Think of organic traffic as “set it and forget it” link building as opposed to direct and referral traffic, which requires a more constant effort and personal touch. SEO (Search Engine Optimization) is king here, though SMO (Social Media Optimization) plays a big part too. Organic growth should be any webmaster’s priority because it happens naturally and is much more sustainable. SMO is a great way to get some fast traffic but, without SEO surrounding such efforts, you won’t have search engines sending visitors to the cool stuff you built for SMO campaigns and beyond.
In my mind, “organic” is synonymous with “natural”, though the terms are used differently for web development, design, and marketing purposes. When I talk about building legs to your thing or site I mean this: establish more ways to be found. Let’s say you have a blog with no RSS feeds, no keyword focus, no subscription links, no social sharing, and no syndication. You are relying on frequent updates and the hopes that your keywords and topics are widely-searched. That is certainly not efficient nor is it organic.
Push And Pull: The Difference Between Bringing Customers In And Keeping Them
Two terms that are not as pervasive and prominent but still matter are push and pull (content marketing). When you push, content is sent to your audience. Pulling, in contrast, focuses on bringing people to your content. That’s a very important distinction because it goes back to user habits and needs.
Push and pull technologies come in different flavors but, for our purposes, we’ll categorize them as follows:
- Push – E-mail is possibly the most pervasive push technology out there, though Twitter is getting up there. There are many tools that take advantage of these systems, which only further cements their place amongst top online promotion tools. Some tools employ a hybrid push-pull model which make them more complete solutions. StumbleUpon would be considered a push technology in this aspect. Successful use of push marketing involves providing a more targeted, concise “digest” format; thus, push content is often meant as a teaser, tantalizing your audience to go to the more complete and/or premium offerings. RSS Readers employ push technology because they bring content right to the end-user.
- Pull – Web sites in general are considered pull systems. This is especially so with blogs since they are text-heavy and create more legs (ways for new visitors to find them). Savvy web designers know how to leverage code that sends site updates, newsletters, and feeds right to their users.
Whether you focus more on push or pull, employing both methods is the way to go. Much like SMO and SEO, push and pull technologies can build off each other and provide excellent cross-promotion opportunities. The trick here is to focus on the systems and platforms that are most popular with your audience.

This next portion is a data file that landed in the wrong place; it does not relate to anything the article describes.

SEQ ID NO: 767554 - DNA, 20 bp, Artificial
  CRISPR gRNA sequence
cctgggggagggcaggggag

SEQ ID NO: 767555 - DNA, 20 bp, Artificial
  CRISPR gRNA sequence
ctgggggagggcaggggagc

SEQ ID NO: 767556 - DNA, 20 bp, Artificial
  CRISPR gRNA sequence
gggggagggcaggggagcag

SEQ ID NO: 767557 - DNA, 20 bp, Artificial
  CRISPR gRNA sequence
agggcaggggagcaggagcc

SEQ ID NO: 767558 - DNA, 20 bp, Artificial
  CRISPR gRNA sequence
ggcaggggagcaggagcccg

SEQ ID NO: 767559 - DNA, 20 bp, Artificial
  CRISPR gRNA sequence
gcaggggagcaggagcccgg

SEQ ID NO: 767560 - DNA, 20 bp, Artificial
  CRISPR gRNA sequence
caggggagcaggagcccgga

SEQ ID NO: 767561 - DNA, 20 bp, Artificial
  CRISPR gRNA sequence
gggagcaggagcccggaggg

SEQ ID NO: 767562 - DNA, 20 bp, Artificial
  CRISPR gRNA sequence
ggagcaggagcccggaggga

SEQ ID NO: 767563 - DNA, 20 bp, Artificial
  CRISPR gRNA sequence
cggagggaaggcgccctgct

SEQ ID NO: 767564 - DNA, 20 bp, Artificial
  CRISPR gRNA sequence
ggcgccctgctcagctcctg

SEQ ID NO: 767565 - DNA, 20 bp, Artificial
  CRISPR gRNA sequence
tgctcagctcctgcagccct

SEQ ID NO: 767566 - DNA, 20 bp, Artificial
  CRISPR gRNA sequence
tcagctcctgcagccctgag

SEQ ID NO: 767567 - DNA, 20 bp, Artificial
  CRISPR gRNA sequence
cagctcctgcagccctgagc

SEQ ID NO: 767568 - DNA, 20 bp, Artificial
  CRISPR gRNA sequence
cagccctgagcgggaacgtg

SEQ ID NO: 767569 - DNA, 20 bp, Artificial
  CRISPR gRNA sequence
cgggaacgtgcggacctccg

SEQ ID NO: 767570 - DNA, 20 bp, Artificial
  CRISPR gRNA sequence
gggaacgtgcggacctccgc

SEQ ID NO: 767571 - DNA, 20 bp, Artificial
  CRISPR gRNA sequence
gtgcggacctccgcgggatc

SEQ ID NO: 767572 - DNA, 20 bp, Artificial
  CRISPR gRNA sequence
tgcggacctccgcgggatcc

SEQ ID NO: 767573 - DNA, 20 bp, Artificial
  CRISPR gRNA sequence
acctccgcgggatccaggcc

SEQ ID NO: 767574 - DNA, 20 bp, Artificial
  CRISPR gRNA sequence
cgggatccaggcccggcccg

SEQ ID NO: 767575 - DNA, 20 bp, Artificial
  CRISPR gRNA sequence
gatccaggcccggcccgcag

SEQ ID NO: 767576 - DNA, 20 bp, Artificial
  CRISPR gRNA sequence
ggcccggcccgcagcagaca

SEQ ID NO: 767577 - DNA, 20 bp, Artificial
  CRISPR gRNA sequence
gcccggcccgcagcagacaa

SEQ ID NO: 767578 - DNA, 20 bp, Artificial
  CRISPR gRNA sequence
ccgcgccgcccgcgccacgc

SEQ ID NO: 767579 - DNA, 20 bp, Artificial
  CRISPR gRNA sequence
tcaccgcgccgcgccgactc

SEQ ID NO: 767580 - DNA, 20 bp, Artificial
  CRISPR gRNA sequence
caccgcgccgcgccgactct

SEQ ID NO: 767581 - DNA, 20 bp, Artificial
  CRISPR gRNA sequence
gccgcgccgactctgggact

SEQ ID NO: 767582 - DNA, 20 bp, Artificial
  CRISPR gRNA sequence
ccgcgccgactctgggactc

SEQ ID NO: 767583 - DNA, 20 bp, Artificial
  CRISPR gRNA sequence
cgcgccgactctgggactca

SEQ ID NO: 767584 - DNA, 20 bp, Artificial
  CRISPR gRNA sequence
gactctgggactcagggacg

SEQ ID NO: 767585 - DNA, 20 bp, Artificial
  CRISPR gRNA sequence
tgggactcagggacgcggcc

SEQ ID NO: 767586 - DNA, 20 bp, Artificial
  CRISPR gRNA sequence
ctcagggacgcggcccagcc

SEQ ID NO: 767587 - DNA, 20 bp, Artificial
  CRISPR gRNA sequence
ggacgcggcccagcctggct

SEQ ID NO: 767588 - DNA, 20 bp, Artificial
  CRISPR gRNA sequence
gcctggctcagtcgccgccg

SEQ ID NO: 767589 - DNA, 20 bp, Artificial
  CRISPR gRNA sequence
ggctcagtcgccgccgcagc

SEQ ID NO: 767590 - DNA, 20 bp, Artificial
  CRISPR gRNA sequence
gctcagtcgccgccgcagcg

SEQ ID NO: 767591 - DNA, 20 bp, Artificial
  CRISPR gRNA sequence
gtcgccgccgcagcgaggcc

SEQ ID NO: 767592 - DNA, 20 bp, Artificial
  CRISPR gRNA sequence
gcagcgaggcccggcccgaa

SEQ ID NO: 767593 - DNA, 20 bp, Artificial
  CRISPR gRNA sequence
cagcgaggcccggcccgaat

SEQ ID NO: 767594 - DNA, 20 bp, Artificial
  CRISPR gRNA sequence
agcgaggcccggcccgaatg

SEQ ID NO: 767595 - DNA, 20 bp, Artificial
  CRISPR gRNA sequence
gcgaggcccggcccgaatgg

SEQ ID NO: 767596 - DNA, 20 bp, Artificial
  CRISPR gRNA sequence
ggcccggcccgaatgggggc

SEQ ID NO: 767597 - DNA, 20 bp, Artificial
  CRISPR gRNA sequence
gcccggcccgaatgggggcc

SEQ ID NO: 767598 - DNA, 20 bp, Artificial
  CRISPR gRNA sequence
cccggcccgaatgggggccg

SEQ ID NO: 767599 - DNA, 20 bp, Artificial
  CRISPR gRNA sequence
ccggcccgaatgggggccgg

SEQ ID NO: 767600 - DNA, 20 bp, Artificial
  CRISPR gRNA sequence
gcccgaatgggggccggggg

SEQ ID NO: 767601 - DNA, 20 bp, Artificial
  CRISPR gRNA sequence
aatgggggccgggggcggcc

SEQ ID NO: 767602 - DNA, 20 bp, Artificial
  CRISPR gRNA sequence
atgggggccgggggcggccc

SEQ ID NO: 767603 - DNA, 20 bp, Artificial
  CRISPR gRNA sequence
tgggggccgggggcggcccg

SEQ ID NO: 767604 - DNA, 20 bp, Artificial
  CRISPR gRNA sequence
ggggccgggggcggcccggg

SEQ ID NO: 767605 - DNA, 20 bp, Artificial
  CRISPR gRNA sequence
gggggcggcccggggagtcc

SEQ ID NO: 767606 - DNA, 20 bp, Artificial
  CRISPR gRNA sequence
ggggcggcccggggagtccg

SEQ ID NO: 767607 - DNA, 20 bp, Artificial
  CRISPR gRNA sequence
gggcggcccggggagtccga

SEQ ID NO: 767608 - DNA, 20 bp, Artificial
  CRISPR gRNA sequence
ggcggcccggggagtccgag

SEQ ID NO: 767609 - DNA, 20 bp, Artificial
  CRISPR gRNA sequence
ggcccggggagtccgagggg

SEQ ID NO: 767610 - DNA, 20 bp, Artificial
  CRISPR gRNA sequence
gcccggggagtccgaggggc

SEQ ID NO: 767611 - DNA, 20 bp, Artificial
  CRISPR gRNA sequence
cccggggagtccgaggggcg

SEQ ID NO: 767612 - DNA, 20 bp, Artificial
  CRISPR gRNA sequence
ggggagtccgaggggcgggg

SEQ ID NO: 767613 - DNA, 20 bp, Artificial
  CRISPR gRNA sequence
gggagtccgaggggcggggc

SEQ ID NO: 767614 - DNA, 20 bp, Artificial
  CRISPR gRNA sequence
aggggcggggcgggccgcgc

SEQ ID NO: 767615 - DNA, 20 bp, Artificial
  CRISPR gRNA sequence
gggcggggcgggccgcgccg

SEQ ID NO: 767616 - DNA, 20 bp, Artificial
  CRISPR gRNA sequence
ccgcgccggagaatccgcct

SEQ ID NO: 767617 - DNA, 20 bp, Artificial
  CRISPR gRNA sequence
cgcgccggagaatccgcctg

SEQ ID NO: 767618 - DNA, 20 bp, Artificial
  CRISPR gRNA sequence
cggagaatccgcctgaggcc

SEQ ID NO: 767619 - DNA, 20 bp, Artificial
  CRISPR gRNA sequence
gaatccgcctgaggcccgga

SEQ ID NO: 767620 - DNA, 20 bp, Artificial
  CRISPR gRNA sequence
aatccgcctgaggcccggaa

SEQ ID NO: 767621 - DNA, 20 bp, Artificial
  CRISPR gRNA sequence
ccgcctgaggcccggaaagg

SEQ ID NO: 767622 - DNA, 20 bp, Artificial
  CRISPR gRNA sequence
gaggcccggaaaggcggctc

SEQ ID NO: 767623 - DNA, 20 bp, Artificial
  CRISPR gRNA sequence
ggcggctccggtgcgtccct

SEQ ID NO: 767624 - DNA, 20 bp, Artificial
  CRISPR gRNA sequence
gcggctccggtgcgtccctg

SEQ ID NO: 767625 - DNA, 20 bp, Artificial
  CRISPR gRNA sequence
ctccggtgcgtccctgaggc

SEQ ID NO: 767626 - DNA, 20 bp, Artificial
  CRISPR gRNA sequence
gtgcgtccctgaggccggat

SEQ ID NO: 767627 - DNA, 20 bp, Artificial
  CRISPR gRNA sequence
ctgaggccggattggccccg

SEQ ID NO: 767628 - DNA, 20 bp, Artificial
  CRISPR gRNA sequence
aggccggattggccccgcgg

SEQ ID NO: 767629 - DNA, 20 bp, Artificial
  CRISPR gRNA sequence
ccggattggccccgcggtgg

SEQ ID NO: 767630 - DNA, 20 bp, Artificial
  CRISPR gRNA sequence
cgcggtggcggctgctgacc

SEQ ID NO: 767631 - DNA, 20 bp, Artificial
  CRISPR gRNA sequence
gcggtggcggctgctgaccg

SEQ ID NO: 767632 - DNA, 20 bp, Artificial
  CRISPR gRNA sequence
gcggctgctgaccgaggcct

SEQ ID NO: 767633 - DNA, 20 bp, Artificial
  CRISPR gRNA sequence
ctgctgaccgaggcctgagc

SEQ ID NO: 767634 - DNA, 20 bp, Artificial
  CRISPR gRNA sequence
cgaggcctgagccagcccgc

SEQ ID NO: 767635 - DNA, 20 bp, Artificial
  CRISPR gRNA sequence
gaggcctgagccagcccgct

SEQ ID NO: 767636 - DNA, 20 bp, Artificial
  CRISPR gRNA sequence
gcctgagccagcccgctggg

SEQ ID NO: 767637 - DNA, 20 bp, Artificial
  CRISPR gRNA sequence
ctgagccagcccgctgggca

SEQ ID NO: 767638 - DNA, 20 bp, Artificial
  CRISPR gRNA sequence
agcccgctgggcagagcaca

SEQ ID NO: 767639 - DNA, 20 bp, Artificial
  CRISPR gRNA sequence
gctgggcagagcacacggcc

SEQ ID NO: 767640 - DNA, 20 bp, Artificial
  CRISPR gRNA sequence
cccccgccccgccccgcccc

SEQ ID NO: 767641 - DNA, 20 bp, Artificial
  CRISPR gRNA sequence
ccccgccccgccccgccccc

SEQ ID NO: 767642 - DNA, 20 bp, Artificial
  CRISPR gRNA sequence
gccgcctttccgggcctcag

If you want to see where your market reach is strongest, you can always look at what tools other successful people in your industry are using. Mailing lists, newsletter software, and services like Feedburner, Blog Engage, and Triberr show us that e-mail, blogs, and Twitter are certainly worthwhile technologies to leverage. You do have to consider the amount of noise and interruptions on any medium (the aforementione inclusive). Push content is inherently more pervasive but spam is a factor that lessens value. The more people adopt a communication medium, the more distractions and interruptions you have to contend with (but, hey, at least you get more leads and legs when that happens). Be prepared: the more popular and findable your site becomes, the more spam you can expect, especially with organic traffic.
I’d like to note that, currently, many bloggers are encouraging mailing lists to keep your audience loyal. This is mostly a sound idea. E-mail is still relevant but remember that lots of people use GMail and services like it so it is likely your good reads are buried in junk and may go unnoticed. Adjusting the frequency and titles of your messages is one powerful technique here. It wouldn’t hurt to keep your domain off spam lists by making sure your sites are secure either (spam blacklists can be very unforgiving). I particularly like Feedburner here because it you can give your followship the option of viewing your content in many formats on virtually any platform – RSS feeds and XML FTW!